“It went back and fourth … and then in negotiations the price would go up, obviously. I stayed persistent after it, there’s no doubt about that.”
Ray has spent his entire CFL career with Edmonton, leading the Eskimos to two Grey Cup titles over that span.
The trade was Barker’s first since relinquishing head-coaching duties to concentrate on being Toronto’s general manager. Barker hired Scott Milanovich, the former Montreal Alouettes’ offensive co-ordinator, to assume the head coach’s job.
The acquisition of Ray gives Toronto a much better fit under centre for the type of offence Milanovich likes to run. Veteran quarterback Anthony Calvillo, very much a drop-back passer, anchored an Alouettes offensive unit that helped the team win consecutive Grey Cup titles in 2009 and ’10.
The six-foot-three, 210-pound Ray is a lot like Calvillo and more of a pure passer, while Jyles’ best asset is his mobility and ability to use his feet to escape pressure and extend plays.
“The transition from what Scott was doing in Montreal to what he can do now here won’t be as drastic as what it would’ve been,” Barker said. “The biggest thing is you’ve got an experienced guy who has won Grey Cups and steps in and is your starting quarterback.
“Scott and I both felt to have a veteran quarterback with a rookie head coach, you can’t put a pricetag on that. We’re getting a guy who has shown year in and year out that he’s going to be near the top in the league in touchdowns, completion percentage, quarterback rating and all those things. He suits what our new head coach wants to do.”
Ray is one of the CFL’s top passers, having amassed over 40,000 career yards with a completion average of 66.8 per cent with 210 touchdowns and just 130 interceptions..
Ray also immediately improves a Toronto offence that struggled this year, finishing at or near the bottom of several offensive categories.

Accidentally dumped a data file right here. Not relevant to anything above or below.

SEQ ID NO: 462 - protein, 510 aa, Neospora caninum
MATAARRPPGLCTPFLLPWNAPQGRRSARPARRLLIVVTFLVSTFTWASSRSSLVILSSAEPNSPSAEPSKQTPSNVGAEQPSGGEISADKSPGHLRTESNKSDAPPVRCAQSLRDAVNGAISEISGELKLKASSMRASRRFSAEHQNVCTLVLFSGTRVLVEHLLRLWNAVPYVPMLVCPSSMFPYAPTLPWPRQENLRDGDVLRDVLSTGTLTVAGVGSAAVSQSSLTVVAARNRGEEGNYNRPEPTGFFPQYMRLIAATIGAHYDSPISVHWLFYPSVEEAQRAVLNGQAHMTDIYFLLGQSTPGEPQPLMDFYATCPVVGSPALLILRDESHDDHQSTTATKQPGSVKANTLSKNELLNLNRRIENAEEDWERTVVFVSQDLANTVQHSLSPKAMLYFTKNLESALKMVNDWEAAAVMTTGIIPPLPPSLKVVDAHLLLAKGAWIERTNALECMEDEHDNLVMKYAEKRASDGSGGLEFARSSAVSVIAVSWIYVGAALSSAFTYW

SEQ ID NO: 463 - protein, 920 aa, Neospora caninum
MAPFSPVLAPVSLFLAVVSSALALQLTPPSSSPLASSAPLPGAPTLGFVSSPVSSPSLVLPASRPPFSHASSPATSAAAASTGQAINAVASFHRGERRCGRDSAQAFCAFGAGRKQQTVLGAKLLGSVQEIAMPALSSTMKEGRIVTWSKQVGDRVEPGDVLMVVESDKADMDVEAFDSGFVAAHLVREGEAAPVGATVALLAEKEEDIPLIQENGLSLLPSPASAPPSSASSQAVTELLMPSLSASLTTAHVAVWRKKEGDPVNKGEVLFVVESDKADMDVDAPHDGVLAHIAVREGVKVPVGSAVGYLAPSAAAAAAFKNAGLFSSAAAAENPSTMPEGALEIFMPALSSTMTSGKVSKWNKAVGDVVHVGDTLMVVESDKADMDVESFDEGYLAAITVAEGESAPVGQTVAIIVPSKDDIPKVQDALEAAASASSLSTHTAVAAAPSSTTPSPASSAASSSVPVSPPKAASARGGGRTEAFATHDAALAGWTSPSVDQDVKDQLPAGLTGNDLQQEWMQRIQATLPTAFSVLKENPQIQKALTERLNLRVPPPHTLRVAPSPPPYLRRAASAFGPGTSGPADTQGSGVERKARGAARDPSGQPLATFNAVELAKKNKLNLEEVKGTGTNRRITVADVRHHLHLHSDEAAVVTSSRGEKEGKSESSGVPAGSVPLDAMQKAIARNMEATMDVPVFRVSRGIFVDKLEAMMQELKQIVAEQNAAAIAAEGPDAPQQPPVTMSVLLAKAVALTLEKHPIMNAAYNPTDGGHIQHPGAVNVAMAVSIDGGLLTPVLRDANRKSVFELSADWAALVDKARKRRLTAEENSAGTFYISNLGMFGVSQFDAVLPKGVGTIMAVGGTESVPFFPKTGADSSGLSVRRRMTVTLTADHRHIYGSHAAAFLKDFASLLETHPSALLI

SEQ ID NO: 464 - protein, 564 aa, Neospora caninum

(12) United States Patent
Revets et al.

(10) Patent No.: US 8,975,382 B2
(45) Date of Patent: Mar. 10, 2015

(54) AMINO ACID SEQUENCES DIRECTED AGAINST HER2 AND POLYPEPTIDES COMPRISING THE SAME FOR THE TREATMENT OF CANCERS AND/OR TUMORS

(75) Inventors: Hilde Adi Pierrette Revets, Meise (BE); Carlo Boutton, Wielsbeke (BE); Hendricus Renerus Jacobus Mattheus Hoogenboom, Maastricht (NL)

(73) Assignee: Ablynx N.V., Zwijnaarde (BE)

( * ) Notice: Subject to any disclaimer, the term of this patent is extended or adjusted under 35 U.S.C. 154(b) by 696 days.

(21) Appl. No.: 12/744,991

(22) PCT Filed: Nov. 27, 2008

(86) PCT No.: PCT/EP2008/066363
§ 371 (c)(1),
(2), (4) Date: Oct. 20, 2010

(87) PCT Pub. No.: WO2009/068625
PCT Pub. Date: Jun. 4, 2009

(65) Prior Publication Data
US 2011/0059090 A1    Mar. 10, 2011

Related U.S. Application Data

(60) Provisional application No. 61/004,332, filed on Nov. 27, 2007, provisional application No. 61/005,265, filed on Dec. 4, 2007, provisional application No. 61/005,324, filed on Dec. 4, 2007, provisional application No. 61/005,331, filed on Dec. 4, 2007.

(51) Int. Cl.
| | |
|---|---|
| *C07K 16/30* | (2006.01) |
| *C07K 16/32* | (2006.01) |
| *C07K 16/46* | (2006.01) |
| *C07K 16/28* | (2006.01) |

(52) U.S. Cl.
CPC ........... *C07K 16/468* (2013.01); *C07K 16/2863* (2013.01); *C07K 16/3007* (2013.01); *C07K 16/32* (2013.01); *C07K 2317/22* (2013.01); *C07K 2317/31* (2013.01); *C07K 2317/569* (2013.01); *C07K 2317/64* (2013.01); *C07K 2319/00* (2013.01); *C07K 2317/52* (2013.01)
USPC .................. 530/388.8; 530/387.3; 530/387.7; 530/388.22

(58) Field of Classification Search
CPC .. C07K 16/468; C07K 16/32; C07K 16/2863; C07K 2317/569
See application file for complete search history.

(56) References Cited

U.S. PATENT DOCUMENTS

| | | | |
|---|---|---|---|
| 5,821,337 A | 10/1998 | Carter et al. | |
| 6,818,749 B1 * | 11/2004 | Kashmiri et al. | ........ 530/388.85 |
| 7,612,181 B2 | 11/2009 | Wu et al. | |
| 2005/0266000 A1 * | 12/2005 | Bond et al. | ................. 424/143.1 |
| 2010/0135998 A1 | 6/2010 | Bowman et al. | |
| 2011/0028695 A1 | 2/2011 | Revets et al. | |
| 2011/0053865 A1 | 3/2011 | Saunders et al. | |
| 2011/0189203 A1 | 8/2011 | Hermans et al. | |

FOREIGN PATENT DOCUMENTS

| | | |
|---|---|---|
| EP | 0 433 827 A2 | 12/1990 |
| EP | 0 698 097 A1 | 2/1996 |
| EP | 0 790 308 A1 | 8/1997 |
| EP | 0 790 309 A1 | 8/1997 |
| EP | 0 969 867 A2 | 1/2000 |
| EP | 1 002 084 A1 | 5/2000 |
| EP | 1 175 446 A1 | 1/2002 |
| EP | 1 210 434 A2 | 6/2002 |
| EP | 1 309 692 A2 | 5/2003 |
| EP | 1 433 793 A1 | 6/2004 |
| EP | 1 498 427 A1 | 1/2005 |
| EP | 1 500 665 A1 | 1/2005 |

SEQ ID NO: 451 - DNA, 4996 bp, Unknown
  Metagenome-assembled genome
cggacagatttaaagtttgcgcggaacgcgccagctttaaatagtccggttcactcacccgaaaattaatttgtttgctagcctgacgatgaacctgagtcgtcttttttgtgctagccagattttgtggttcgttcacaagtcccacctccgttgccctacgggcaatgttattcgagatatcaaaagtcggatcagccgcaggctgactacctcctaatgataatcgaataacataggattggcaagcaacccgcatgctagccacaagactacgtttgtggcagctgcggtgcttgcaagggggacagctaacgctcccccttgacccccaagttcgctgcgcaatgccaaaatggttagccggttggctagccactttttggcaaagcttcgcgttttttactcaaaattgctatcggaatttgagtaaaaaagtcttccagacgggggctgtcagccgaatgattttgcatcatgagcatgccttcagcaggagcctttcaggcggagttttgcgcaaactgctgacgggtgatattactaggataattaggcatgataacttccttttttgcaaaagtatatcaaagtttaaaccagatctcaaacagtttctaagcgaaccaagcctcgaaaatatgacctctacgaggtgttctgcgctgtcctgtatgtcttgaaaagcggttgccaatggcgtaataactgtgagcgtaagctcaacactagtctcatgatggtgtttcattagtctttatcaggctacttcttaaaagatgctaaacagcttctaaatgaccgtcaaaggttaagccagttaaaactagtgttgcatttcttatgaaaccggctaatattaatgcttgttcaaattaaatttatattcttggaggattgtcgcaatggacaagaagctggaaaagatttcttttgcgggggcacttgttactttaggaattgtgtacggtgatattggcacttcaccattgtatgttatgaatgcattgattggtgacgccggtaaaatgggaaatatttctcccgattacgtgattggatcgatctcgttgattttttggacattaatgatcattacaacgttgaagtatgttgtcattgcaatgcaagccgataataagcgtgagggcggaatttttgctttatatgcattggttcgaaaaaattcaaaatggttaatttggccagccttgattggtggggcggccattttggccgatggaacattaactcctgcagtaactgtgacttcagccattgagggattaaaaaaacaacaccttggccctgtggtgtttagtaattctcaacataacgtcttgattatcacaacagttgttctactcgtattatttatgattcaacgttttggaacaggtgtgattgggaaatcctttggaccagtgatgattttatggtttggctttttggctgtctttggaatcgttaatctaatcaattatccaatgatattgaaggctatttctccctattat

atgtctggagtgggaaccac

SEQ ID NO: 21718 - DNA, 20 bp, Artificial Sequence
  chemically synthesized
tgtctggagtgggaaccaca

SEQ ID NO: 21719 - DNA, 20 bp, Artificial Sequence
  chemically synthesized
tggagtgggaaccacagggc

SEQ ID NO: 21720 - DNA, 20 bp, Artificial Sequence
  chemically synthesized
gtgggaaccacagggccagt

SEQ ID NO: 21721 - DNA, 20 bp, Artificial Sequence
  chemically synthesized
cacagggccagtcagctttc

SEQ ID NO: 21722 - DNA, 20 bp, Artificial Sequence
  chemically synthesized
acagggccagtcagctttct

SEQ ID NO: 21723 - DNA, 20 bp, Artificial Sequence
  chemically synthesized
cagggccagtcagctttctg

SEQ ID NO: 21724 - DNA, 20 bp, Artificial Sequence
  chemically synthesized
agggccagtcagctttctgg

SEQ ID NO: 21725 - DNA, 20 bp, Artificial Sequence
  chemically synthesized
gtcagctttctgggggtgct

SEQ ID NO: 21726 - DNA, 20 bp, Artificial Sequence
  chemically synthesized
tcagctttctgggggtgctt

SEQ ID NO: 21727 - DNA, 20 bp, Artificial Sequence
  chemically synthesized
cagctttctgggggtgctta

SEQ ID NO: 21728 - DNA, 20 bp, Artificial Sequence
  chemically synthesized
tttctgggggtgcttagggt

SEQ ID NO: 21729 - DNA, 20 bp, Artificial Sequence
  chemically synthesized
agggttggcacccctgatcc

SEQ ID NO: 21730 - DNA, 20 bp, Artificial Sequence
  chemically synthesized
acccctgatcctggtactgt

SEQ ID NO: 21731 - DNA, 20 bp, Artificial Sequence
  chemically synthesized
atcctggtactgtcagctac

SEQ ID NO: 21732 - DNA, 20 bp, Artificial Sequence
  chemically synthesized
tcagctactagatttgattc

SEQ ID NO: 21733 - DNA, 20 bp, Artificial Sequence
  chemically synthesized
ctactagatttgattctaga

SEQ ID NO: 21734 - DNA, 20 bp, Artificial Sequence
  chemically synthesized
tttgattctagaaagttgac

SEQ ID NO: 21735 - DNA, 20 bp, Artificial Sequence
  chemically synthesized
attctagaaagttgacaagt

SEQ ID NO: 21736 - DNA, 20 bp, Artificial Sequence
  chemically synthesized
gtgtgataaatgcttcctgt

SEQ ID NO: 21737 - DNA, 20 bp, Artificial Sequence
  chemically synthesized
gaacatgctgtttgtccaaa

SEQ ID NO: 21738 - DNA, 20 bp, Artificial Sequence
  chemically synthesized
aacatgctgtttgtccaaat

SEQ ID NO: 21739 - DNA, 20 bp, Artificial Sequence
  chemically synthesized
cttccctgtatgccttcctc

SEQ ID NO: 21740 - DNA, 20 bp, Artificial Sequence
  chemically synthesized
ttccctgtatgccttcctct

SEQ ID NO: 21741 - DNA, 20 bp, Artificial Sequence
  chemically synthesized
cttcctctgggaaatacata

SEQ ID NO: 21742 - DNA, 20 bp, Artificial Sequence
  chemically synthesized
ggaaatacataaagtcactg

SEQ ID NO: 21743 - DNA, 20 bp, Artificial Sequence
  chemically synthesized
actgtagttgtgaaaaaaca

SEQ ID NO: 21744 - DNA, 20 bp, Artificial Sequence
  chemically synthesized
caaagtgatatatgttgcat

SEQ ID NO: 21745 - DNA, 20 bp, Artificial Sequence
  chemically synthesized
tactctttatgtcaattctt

And with the Argos hosting the 2012 Grey Cup – the 100th anniversary of the CFL’s title game – the club desperately needs to prove to its fanbase that it will indeed contend for a championship.
Tillman said his offence needs an overhaul as well. He said that despite making it to West Division final before losing to the B.C. Lions, his team was sixth in both points scored and first downs in 2011.
Ray gives Toronto its first bona fide quarterback since veteran Damon Allen retired following the ’07 season. But he comes at a cost as Ray is one of the CFL’s highest-paid players, having multiple years remaining on a deal that reportedly pays him in the neighbourhood of $400,000 annually.
Ray finished third in CFL passing this season with 4,594 yards, registering 24 TD strikes against 11 interceptions as Edmonton finished tied with B.C. and Calgary for the CFL’s best record at 11-7.
Toronto had re-signed Jyles to a long-term deal earlier this month. The six-foot-one, 202-pound Jyles began his CFL career with Edmonton in 2006 before being traded to the Saskatchewan Roughriders prior to the 2008 season.
He was traded to Toronto from Winnipeg in March 2011 but spent the first half of the season on injured reserve with a shoulder injury. Jyles was the Argos’ starter for the second half of the season after incumbent Cleo Lemon was released.
In eight starts, Jyles completed 124 of 218 passes for 1,430 yards with seven touchdowns and 11 interceptions.
“We signed Steven Jyles thinking he was going to be our quarterback and I believe he will be a great quarterback in our league,” Barker said. “But with a young head coach I thought we had a chance to give him a guy that has won two Grey Cups and has been one of the premiere players in this league and is coming into the prime of his career and
his best years are coming up.”